The 'sea' table is perhaps the best looking one...
So, yes, reaching the other tables isn't easy since it apparently relies on random chance. They're also pretty tough once you're there as well, mainly because you only get one ball on them - if you lose a ball, you don't actually lose it but just get sent back to the Dinoland table instead. This obviously means you'll spend most of your game time on the same table so it'll have to be a really good one to maintain interest, right? That's for sure, but something I'm less sure of is whether it succeeded. There's no point even comparing it to Devil's Crush, nothing could ever beat that, but at the same time Naxat's game does raise the standard accordingly, and I was immediately disappointed by Dinoland when I started playing it. The action is slower, there's less to see, the tables, whilst larger in number, all have fewer features and are much less interesting... it's just inferior to its competition in every way really.

The bottom part of the 'land' table...
Aside from the rather ghastly 'sky' table, the graphics here are quite nice, particularly the cute sprites (though not many of them actually look like dinosaurs), and the music is pleasant enough too, but that's the trouble - everything is nice and pleasant but that's not really enough, I'm sorry to say. Pinball games should be fast, loud, and exciting, not merely 'nice'. The ball should be pinging around all over the place at light speed, making lots of loud noises as it hits all sorts of stuff. Ball movement here isn't terrible but it isn't very convincing either, never feeling as weighty as it should. It's also a pretty easy game - even on game over you can continue from the title screen with your score intact (although all bonuses are reset). Wolf Team describe Dinoland as a 'crazy, zany game' and I suppose it is in some ways. The characters are appealing and it can be good fun, and I did warm to it after a while, but there's just not enough to keep players interested long-term.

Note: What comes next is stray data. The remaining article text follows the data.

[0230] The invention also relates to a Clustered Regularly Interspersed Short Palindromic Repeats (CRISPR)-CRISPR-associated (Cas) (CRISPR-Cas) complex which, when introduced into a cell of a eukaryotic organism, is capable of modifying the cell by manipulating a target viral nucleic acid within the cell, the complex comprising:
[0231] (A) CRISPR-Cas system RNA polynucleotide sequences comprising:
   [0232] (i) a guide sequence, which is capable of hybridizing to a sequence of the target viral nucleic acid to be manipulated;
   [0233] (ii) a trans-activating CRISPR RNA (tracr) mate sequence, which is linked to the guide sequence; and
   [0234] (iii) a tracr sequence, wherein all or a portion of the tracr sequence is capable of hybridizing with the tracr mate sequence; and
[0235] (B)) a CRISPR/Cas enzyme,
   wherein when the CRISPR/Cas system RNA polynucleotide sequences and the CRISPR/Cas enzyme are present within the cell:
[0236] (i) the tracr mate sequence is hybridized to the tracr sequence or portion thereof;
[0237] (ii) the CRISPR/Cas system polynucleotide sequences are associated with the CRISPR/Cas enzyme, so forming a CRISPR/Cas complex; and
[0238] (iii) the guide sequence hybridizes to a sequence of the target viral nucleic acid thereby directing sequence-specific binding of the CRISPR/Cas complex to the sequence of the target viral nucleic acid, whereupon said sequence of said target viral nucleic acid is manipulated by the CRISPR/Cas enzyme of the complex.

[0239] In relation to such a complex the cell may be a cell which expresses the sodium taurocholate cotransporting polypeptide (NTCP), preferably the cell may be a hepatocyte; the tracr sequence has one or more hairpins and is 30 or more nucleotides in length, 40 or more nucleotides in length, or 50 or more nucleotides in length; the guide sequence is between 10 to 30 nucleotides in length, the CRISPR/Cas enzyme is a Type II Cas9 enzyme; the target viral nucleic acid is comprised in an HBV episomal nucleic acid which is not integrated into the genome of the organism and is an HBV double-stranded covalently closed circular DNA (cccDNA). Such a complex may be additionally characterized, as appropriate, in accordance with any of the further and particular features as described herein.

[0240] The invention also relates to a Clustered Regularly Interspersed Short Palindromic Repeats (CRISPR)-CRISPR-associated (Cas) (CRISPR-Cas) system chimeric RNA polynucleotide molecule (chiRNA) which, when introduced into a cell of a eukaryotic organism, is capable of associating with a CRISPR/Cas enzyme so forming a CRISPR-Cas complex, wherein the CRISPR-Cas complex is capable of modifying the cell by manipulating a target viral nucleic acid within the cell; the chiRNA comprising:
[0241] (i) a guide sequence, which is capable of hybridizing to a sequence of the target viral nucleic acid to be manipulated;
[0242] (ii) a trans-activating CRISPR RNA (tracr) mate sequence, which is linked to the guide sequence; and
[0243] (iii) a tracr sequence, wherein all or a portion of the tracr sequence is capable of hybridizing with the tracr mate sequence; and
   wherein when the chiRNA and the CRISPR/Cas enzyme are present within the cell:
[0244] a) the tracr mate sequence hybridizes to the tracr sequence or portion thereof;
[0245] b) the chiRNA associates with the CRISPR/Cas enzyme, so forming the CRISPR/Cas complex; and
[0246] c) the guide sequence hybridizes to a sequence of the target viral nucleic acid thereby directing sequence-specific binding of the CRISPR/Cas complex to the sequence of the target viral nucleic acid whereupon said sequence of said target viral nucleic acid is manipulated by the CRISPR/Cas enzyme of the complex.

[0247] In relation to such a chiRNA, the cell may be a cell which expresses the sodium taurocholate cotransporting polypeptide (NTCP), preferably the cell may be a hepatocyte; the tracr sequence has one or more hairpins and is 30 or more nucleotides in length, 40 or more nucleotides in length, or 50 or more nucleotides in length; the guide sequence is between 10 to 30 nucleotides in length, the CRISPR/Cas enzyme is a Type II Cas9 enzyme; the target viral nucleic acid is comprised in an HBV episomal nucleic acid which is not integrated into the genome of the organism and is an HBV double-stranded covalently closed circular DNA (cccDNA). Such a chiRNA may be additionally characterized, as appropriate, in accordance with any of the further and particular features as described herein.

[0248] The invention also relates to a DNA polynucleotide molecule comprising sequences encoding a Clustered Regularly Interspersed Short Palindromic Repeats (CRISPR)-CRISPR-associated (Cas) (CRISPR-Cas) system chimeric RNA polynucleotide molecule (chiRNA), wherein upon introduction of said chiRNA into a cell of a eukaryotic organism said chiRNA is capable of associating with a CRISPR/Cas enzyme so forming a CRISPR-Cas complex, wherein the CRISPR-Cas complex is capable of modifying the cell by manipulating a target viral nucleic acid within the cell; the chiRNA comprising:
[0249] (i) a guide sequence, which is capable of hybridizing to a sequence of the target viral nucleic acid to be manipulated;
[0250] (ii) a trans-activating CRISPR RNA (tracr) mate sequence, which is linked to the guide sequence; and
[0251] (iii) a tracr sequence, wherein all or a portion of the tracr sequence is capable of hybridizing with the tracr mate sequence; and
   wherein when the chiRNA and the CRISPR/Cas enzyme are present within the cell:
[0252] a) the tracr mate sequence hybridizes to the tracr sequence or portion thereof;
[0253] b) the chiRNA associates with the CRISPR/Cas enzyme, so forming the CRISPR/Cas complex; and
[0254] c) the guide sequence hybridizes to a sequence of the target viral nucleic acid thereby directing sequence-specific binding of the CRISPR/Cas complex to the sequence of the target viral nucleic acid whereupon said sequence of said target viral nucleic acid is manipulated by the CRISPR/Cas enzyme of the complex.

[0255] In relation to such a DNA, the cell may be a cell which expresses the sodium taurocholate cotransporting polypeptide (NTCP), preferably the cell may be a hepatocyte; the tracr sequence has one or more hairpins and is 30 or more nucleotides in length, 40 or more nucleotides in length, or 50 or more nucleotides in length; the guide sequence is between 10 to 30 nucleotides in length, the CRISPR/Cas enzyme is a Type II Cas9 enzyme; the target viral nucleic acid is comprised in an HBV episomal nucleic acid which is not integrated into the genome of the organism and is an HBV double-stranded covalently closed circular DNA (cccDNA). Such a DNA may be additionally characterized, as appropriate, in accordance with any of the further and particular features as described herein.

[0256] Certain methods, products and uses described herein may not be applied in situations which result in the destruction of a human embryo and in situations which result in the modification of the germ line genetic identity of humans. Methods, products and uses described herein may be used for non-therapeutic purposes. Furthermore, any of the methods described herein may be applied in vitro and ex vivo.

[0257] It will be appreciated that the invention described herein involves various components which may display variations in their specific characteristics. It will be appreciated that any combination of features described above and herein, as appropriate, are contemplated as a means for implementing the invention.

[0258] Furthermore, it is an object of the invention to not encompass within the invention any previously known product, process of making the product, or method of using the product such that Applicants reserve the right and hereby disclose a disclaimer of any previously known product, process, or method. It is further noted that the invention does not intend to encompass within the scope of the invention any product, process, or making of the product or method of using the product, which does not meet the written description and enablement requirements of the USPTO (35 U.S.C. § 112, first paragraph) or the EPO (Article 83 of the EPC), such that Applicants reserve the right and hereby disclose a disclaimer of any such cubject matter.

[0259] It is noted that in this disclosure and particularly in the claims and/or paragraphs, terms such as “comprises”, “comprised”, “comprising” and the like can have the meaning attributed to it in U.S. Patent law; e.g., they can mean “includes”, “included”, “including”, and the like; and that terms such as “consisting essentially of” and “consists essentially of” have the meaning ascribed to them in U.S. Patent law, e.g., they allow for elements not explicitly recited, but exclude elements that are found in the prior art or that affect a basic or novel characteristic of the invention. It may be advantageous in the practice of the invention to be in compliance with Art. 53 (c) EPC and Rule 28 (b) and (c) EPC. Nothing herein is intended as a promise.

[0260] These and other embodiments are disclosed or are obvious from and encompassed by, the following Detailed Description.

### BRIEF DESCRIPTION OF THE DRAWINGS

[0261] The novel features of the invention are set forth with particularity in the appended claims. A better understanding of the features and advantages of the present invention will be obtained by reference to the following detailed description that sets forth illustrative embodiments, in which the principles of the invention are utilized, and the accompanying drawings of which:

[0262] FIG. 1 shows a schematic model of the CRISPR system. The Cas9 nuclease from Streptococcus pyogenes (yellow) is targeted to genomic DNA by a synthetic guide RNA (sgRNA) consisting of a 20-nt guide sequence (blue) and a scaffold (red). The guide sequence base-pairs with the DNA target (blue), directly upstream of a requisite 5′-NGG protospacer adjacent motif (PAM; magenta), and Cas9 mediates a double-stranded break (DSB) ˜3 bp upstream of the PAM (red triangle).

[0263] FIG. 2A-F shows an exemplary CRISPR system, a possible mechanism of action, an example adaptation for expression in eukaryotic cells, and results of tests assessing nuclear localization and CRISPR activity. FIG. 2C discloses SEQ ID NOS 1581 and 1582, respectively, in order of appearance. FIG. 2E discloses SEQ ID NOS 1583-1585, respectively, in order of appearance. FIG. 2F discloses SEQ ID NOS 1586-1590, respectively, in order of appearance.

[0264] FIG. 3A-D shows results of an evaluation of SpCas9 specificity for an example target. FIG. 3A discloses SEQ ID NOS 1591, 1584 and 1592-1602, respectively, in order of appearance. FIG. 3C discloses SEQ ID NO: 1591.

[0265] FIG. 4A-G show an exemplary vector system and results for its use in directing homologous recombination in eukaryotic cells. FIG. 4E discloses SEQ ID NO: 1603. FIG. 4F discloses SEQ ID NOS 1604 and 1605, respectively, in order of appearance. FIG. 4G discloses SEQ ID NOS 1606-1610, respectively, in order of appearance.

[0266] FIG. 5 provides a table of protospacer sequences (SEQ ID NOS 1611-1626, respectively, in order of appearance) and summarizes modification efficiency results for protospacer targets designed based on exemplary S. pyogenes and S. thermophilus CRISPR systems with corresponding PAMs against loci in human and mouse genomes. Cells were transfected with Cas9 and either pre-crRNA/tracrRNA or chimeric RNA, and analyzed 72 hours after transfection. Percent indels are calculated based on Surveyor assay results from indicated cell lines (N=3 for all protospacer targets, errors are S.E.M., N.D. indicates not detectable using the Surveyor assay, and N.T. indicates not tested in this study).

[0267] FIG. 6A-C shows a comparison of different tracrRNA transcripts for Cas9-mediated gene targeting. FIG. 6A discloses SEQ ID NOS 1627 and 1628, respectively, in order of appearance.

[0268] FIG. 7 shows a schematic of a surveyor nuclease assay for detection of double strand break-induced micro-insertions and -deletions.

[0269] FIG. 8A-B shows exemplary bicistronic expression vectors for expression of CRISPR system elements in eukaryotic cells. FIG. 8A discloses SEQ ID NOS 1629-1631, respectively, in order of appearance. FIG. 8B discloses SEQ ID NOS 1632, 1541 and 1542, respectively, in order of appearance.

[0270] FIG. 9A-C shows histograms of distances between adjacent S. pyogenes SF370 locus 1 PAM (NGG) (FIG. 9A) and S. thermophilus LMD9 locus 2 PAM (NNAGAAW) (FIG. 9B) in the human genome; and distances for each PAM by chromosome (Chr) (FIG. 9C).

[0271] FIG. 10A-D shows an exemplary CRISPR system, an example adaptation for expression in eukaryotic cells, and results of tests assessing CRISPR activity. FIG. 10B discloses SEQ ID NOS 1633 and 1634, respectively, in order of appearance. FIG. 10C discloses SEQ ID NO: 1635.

RKS Score: 6/10


  1. I've been playing/enjoying this game for years, and I've never seen the sky or sea tables - bit of an eye-opener there!

    It might not be the best pinball game around, but I'm a sucker for anything from Wolf Team so this remains a favourite of the "genre".

  2. Haha, blimey, I guess they're even harder to reach than I thought then! There are other ways to reach them than the slot machine - destroying the right enemies at the right time allows you to access them by 'losing' a ball too, but that happens just as rarely as getting a result on the slots.

    It's a pleasant enough game though, as I said, I just don't find the tables interesting enough or feature-laden enough to sustain my interest. I'm glad I played it though, for sure :)

  3. The interest in videogame rendition of pinball surely skyrocket when Nintendo's Pinball sold for Famicom/NES a staggering 1.85 million units.
    But really pinball was an ideal arcade game to translate in videogame form.

    Devil Crush on PCE is fantastic and is probably my favorite videogame based on pinball.
    I was also always fascinated by Fantastic Pinball on Saturn, maybe one day I will try it.

  4. Yeah, Devil's Crush is definitely my favourite and I can't see it being toppled any time soon. I don't recall hearing much about NES Pinball, was that more popular in Japan? When I was growing up, Alien Crush started the brief pinball game craze and Devil's Crush really got it going. Both are great, as is Jaki Crush. I'll be looking at all sorts of examples for this feature though, and I'm looking forward to it :)

    1. If you haven't played it yet, Pinball on the NES is one you really should play. Deceptively simple looking, it's ridiculously addictive and even has a hidden Breakout-style bonus game. I'd put it just behind Devil Crash as my second favourite pinball game (speaking as someone who LOVES pinball games!).

  5. Wow, that's high praise indeed! I'll definitely check that one out, thanks! :)